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Adrian Belew, Todd Rundgren Bring All-Star Band Celebrating David Bowie’s Music to Tarrytown

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October 7, 2022

By W.B. King—

The year was 1977. A struggling musician was driving up 21 First Avenue South in Nashville in his old beat-up Volkswagen bus. The countless gigs played with various bands in bars and clubs over the preceding 10-plus years were rewarding, but at age 27, he thought he might have “missed the starting gun” as Pink Floyd notes in “Time.” As he drove home that day, hoping not to breakdown once again, a fortuitous song by David Bowie emerged from the speakers.

“’Heroes’ came on and I just loved it. It was the first time I heard it,” Adrian Belew told The Hudson Independent. “And 18 months later, I was playing it on stage with David; so that’s how fast all that stuff happened. Still amazes me.”

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Before landing his gig with Bowie, Belew, a multi-instrumentalist best known for his unique guitar prowess and vocal stylings, was discovered by Frank Zappa. The heralded rock, pop, jazz fusion and orchestral composer was convinced by his chauffer to visit a bar where Belew was playing in Nashville.

While Zappa was impressed, nearly a year would pass before Belew was offered an audition in Los Angeles. “I was poor. Three months late on my rent and at the end of my tether,” Belew recalled. Eventually after fits and starts, he secured the second guitar role in Zappa’s touring band.

“Frank was brilliant. and he wanted you to just play his music exactly the way he wanted it,” recalled Belew who appeared on the1979 album Sheik Yerbouti, as well as the1979 concert film, Baby Snakes, which documented the band’s October 1977 Halloween run of shows at New York City’s Palladium.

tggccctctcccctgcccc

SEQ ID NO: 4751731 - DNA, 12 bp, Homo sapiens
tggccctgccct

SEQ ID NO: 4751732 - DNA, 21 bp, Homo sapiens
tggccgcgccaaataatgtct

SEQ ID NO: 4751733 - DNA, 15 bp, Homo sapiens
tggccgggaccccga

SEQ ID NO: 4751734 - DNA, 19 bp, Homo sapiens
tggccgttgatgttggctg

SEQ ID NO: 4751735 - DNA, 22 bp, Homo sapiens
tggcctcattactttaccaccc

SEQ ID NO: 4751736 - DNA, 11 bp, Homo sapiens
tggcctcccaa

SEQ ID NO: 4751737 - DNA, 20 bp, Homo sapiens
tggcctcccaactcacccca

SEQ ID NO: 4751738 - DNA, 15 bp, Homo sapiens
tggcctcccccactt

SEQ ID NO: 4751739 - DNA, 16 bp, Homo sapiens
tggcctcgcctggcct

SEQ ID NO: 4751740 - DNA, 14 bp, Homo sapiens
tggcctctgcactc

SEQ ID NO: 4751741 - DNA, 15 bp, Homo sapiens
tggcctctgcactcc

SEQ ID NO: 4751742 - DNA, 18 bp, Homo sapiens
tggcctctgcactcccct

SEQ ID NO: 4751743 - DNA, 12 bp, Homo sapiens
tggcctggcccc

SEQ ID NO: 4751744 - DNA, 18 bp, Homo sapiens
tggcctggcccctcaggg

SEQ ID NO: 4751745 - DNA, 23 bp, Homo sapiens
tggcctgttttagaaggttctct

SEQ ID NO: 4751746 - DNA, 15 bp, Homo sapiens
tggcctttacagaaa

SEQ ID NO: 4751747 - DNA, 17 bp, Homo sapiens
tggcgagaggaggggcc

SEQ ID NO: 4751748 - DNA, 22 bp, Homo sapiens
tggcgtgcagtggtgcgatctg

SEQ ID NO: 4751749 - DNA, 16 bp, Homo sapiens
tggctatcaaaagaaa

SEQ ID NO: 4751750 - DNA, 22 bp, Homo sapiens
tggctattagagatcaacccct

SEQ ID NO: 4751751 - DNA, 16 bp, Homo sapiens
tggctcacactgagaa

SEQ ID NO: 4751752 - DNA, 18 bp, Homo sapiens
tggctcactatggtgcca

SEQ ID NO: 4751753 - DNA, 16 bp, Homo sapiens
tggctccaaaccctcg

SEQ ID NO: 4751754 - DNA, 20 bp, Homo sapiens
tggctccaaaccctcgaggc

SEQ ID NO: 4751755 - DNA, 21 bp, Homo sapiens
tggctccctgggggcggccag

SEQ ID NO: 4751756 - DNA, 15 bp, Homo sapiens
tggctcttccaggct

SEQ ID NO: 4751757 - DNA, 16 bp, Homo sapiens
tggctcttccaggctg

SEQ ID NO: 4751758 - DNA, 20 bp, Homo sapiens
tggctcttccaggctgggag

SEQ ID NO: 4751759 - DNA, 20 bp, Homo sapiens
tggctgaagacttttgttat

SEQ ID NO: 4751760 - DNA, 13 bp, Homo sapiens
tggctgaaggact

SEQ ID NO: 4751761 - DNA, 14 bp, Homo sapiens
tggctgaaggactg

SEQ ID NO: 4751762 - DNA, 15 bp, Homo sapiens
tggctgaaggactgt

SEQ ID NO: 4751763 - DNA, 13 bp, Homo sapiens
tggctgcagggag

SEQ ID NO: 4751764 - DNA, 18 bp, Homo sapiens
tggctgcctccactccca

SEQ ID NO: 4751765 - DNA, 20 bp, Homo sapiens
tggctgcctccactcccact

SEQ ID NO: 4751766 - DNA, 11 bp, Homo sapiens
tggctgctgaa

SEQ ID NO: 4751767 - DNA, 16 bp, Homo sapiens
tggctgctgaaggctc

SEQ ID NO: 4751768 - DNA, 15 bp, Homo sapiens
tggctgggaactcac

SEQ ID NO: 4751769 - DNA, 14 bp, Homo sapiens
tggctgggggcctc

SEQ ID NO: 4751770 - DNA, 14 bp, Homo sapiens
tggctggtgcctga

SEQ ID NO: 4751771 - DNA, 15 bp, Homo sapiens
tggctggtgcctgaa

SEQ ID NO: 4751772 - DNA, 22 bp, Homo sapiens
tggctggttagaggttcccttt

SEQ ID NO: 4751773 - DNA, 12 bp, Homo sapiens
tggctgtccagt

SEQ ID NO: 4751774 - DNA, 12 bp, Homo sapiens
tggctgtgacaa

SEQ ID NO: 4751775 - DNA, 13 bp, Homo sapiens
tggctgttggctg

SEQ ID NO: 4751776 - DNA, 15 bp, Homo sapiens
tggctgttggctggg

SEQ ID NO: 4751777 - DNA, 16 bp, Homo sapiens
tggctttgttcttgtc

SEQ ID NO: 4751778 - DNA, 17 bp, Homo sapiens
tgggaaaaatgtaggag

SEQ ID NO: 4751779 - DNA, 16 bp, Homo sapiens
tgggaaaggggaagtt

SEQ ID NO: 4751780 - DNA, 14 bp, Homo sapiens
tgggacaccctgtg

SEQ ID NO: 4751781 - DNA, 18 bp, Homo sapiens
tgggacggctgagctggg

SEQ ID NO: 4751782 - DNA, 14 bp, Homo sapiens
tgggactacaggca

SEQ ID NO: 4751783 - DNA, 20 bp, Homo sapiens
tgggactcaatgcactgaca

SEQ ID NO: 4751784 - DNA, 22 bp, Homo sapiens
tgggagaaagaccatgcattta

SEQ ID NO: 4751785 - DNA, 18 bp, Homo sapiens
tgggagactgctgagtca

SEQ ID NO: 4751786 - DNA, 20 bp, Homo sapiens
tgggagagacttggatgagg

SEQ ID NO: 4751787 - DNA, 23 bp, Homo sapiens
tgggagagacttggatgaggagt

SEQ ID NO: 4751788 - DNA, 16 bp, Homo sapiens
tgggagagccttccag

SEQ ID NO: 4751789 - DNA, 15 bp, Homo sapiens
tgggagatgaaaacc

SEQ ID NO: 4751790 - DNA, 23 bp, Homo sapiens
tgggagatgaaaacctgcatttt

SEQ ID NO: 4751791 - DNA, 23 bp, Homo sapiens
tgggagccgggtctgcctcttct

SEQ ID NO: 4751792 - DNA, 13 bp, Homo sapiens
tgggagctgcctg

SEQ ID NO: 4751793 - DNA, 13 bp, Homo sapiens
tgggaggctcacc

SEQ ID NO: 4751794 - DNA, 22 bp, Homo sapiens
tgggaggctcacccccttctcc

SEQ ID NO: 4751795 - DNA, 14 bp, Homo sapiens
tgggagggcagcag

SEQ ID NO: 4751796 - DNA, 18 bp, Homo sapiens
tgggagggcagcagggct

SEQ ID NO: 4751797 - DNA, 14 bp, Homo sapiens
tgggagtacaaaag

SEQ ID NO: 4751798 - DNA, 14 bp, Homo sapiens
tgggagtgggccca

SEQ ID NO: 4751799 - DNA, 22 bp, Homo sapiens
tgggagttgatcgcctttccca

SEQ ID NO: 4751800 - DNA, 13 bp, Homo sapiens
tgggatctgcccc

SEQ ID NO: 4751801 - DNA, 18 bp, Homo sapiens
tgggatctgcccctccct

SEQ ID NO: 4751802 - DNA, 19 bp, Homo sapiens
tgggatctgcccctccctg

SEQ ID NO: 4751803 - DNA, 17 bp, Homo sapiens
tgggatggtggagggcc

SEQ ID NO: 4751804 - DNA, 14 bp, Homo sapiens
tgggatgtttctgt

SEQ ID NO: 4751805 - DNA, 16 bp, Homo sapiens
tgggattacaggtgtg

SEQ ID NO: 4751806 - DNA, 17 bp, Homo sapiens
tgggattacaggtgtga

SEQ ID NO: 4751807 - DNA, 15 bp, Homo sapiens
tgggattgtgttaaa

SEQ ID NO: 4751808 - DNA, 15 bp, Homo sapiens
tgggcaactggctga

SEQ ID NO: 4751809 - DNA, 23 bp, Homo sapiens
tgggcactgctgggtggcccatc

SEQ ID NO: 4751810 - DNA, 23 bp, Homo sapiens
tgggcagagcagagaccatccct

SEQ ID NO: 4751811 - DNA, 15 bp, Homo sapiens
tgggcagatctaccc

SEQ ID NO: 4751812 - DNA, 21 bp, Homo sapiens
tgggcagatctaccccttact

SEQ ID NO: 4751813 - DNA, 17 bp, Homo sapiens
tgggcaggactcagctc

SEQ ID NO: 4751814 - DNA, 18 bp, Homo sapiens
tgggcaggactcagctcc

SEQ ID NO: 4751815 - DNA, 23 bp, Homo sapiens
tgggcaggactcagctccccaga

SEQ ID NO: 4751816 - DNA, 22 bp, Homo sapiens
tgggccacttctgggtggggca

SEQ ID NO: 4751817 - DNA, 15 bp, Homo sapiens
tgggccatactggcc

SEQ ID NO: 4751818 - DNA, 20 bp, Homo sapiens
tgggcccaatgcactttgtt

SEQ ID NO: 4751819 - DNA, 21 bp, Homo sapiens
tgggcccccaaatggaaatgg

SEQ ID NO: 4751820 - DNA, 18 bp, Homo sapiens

When Zappa’s band headed to Europe in 1978 for a string of concerts, Belew would have a serendipitous encounter that found him floating in a most peculiar way.

“We had played in Cologne, Germany and [producer] Brian Eno was in the audience. Eno knew that David was looking for a new guitarist for his next tour. So, two nights later we played in Berlin. David came to the show along with Iggy Pop,” Belew continued. “I just happened to leave the stage at one point while Frank took a long guitar solo and I saw them standing by the monitor mixer.”

Belew walked over and politely introduced himself, explaining to Bowie how much he loved his music and how it had positively impacted his life. Bowie’s response: “Great. How would you like to play with me?”

As fate would have it, Zappa’s last show took place two weeks before Bowie’s tour rehearsal was slated to begin. And while Belew said “it made a lot of sense for me to do the tour,” he was loyal to Zappa. It turned out that Zappa would be off the road spending the next number of months editing Baby Snakes, so he gave Belew his blessing.

“David, like Frank, was brilliant but in a different set of ways. He wanted me to make up my own stuff to play and fill the air with a lot of guitar stuff,” said Belew who played on Bowie’s Isolar II Tour in 1978, resulting in the double-live album, Stage. He would later contribute to Bowie’s 13th studio album, Lodger.

“They were two different ways to go about music, but I got both of those sides over two years and that set me up for just about everything else,” Belew said of his experiences with Zappa and Bowie.

Twelve years later, Belew, who had spent the preceding decade playing with King Crimson, the Talking Heads, Tom Tom Club and Paul Simon, among others, was tapped as the musical director for Bowie’s 1990 Sound+Vision Tour. During the 108-date world tour, Belew also sang and played guitar.

“David was a super star, but if you traveled with him every day for a whole year, you got to know him, of course. He was very funny and informative with a lot of interest in a lot of different things,” Belew said. “We could just talk for hours. On one day off, we went to the Prada Museum [Museo Nacional del Prado] in Spain. As we were walking around, he started telling me the history of the different paintings. He was my tour guide.”